Caroline, now in her 50s and partly disabled by diabetes and heart disease, had left her deadbeat husband and was subsisting on occasional cleaning and catering jobs. Neither seemed unduly afflicted by the recession, but only because they had already been living in what amounts to a permanent economic depression.

Media attention has focused, understandably enough, on the “nouveau poor” – formerly middle and even upper-middle class people who lost their jobs, their homes, and/or their investments in the financial crisis of 2008 and the economic downturn that followed it, but the brunt of the recession has been borne by the blue-collar working class, which had already been sliding downwards since de-industrialisation began in the 1980s.

In 2008 and 2009, for example, blue-collar unemployment was increasing three times as fast as white-collar unemployment, and African American and Latino workers were three times as likely to be unemployed as white workers. Low-wage blue-collar workers, like the people I worked with in this book, were especially hard hit for the simple reason that they had so few assets and savings to fall back on as jobs disappeared.

How have the already-poor attempted to cope with their worsening economic situation?

One obvious way is to cut back on health care.

The New York Times reported in 2009 that one-third of Americans could no longer afford to comply with their prescriptions and that there had been a sizable drop in the use of medical care. Others, including members of my extended family, have given up their health insurance.

Food is another expenditure that has proved vulnerable to hard times, with the rural poor turning increasingly to “food auctions“, which offer items that may be past their sell-by dates.

And for those who like their meat fresh, there’s the option of urban hunting.

In Racine, Wisconsin, a 51-year-old laid-off mechanic told me he was supplementing his diet by “shooting squirrels and rabbits and eating them stewed, baked and grilled”. In Detroit, where the wildlife population has mounted as the human population ebbs, a retired truck driver was doing a brisk business in raccoon carcasses, which he recommends marinating with vinegar and spices.

The most common coping strategy, though, is simply to increase the number of paying people per square foot of dwelling space – by doubling up or renting to couch-surfers.

It’s hard to get firm numbers on overcrowding, because no one likes to acknowledge it to census-takers, journalists, or anyone else who might be remotely connected to the authorities.

In Los Angeles, housing expert Peter Dreier says that “people who’ve lost their jobs, or at least their second jobs, cope by doubling or tripling up in overcrowded apartments, or by paying even 70% of their incomes in rent“.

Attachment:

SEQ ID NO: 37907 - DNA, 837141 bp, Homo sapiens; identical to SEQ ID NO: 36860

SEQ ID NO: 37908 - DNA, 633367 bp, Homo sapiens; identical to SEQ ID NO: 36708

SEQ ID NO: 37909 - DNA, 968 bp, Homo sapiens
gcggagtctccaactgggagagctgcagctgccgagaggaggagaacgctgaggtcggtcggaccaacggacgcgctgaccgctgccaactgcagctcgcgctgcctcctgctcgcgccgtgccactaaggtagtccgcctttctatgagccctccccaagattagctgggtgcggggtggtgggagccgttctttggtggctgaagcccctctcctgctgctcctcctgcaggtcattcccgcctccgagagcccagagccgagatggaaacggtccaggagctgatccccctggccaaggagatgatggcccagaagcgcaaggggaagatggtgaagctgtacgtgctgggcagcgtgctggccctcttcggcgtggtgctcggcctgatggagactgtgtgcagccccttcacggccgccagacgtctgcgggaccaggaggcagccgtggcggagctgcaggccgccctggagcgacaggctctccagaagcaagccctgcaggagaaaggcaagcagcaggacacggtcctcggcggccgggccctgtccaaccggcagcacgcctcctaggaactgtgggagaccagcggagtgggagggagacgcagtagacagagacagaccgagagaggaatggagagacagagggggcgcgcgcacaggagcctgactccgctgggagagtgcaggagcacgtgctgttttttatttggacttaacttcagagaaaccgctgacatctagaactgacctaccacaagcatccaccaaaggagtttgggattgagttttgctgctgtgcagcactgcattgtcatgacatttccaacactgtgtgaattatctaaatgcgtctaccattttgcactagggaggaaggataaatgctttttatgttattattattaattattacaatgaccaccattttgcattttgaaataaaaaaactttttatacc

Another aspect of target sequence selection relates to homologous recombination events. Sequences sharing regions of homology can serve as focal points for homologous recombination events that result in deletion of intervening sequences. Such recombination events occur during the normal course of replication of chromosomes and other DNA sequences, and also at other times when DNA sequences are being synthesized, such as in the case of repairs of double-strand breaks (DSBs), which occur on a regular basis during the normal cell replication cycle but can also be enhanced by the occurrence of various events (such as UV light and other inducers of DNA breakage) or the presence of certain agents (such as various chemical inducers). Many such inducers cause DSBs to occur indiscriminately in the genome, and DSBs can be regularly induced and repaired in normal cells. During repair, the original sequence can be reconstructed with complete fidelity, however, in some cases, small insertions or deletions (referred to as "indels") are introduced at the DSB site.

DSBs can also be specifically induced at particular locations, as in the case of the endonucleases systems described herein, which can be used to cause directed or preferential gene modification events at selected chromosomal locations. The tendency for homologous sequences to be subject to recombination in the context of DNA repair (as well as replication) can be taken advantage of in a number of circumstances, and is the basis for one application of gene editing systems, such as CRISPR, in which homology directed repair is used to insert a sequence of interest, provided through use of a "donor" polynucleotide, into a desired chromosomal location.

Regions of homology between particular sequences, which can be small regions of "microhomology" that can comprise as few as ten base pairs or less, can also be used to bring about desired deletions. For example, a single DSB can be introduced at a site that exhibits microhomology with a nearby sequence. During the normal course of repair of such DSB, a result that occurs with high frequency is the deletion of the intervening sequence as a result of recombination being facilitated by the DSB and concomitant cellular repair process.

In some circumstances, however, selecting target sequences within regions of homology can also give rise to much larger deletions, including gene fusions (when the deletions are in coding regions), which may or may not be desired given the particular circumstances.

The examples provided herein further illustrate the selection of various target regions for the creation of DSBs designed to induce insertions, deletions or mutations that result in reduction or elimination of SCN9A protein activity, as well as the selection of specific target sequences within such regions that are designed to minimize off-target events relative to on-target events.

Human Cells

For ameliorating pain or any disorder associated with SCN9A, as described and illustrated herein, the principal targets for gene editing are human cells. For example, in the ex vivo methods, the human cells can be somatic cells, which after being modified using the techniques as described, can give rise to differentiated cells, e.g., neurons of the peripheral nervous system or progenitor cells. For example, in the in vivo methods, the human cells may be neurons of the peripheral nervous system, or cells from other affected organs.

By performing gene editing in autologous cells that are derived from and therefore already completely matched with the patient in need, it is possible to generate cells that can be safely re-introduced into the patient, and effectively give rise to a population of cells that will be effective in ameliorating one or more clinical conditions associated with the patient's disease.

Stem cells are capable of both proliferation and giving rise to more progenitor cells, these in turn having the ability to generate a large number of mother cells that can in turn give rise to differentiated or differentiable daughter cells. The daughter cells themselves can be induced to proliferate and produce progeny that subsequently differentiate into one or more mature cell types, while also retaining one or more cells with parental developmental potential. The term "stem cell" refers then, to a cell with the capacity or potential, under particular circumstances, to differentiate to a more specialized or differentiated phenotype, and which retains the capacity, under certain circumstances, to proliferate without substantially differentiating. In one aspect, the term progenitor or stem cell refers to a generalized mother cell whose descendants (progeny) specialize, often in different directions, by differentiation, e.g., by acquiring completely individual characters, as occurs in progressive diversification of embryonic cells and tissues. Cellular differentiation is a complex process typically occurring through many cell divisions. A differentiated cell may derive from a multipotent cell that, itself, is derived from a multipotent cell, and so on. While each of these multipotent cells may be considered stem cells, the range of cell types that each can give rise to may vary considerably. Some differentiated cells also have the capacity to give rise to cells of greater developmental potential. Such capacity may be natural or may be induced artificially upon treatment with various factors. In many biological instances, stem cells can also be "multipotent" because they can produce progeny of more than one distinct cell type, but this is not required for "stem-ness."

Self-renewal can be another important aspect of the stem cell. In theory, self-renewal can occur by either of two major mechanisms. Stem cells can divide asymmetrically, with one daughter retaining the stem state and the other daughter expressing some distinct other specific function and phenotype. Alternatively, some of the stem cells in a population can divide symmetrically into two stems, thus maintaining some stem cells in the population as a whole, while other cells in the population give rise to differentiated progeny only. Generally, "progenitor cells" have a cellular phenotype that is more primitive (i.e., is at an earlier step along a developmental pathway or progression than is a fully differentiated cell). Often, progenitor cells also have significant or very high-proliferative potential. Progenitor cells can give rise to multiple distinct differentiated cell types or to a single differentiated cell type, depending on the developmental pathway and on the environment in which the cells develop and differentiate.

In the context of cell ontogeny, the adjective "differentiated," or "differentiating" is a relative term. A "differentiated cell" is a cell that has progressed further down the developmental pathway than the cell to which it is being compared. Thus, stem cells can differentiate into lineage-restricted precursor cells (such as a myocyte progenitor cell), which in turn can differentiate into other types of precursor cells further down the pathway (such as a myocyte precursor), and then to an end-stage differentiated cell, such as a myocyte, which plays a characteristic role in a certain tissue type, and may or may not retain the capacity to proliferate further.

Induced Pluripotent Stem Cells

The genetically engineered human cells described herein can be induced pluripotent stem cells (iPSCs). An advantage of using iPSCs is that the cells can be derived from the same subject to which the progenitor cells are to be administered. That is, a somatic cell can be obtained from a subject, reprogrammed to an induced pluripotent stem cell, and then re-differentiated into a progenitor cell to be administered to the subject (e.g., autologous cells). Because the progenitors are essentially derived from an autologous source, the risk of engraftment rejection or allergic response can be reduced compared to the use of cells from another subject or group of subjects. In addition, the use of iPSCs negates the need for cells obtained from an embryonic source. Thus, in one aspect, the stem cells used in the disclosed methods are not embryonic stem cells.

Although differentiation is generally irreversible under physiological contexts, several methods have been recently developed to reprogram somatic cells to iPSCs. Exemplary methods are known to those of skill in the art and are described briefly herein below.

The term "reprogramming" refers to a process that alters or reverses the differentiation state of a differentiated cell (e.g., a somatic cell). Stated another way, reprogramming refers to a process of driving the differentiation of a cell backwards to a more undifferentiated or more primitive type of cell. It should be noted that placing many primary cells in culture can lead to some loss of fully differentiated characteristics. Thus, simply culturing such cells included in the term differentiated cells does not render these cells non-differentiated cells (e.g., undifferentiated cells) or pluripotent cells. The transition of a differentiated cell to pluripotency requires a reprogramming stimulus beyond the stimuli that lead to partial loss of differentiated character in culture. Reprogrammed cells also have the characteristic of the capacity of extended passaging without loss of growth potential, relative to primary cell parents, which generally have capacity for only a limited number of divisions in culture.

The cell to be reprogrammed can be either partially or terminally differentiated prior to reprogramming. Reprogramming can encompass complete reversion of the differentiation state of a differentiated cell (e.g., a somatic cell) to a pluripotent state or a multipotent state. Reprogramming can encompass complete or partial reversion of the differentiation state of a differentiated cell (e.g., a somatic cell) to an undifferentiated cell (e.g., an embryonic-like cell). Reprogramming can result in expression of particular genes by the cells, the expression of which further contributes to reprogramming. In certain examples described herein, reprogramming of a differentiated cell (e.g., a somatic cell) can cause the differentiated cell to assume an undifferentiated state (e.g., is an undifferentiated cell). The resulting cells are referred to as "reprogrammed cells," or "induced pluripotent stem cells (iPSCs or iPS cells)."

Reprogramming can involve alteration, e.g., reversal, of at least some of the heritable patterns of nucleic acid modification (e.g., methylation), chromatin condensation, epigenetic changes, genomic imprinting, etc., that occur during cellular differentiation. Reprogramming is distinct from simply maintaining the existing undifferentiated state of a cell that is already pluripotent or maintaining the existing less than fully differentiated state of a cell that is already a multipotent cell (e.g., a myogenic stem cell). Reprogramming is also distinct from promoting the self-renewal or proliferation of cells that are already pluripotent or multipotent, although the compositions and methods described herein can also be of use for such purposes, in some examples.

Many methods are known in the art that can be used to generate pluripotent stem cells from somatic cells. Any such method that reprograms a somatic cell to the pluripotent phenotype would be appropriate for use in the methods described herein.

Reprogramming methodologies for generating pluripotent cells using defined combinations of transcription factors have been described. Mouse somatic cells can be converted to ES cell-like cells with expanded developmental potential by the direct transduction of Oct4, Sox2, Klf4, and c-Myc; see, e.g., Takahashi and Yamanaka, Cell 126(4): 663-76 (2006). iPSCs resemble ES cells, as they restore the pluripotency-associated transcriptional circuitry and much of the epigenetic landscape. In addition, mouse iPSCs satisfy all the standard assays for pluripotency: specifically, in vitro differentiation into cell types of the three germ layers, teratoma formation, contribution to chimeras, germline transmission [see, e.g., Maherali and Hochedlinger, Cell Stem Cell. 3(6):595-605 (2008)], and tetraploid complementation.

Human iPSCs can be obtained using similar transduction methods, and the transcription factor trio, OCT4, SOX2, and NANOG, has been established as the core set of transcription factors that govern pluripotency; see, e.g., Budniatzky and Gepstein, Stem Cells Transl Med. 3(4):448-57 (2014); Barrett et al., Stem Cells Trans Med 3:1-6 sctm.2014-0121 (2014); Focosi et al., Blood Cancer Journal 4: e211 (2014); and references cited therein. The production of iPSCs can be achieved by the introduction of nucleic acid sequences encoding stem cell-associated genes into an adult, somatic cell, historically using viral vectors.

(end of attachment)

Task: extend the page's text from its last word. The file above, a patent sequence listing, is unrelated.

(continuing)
According to a community organiser in Alexandria, Virginia, the standard apartment in a complex occupied largely by day labourers has two bedrooms, each containing an entire family of up to five people, plus an additional person laying claim to the couch.

No one could call suicide a “coping strategy”, but it is one way some people have responded to job loss and debt.

There are no national statistics linking suicide to economic hard times, but the National Suicide Prevention Lifeline reported more than a four-fold increase in call volume between 2007 and 2009, and regions with particularly high unemployment, such as Elkhart, Indiana, have seen troubling spikes in their suicide rates. Foreclosure is often the trigger for suicide – or, worse, murder-suicides that destroy entire families.

“Torture and Abuse of Needy Families”: TANF, or Temporary Assistance to Needy  Families

We do of course have a collective way of ameliorating the hardships of individuals and families – a government safety net that is meant to save the poor from spiralling down all the way to destitution.

But its response to the economic emergency of the last few years has been spotty at best. The food stamp program has responded to the crisis fairly well, to the point where it now reaches about 37 million people, up about 30% from pre-recession levels.  Welfare – the traditional last resort for the down-and-out until it was “reformed” in 1996 – only expanded by about 6% in the first two years of the recession.

What’s the difference between the two programs, Food stamp program andWelfare ?

There is a right to food stamps. You go to the office and, if you meet the statutory definition of need, they help you. For welfare, the street-level bureaucrats can, pretty much at their own discretion, just say no.

Take the case of Kristen and Joe Parente, Delaware residents who had always imagined that people turned to the government for help only if “they didn’t want to work”. Their troubles began well before the recession, when Joe, a fourth-generation pipe-fitter, sustained a back injury that left him unfit for even light lifting. He fell into a profound depression for several months, then rallied to ace a state-sponsored retraining course in computer repairs – only to find that those skills are no longer in demand. The obvious fallback was disability benefits, but – catch-22 – when Joe applied he was told he could not qualify without presenting a recent MRI scan. This would cost $800 to $900, which the Parentes do not have; nor has Joe, unlike the rest of the family, been able to qualify for Medicaid.

When they married as teenagers, the plan had been for Kristen to stay home with the children. But with Joe out of action and three children to support by the middle of this decade, Kristen went out and got waitressing jobs, ending up, in 2008, in a “pretty fancy place on the water”. Then the recession struck and she was laid off.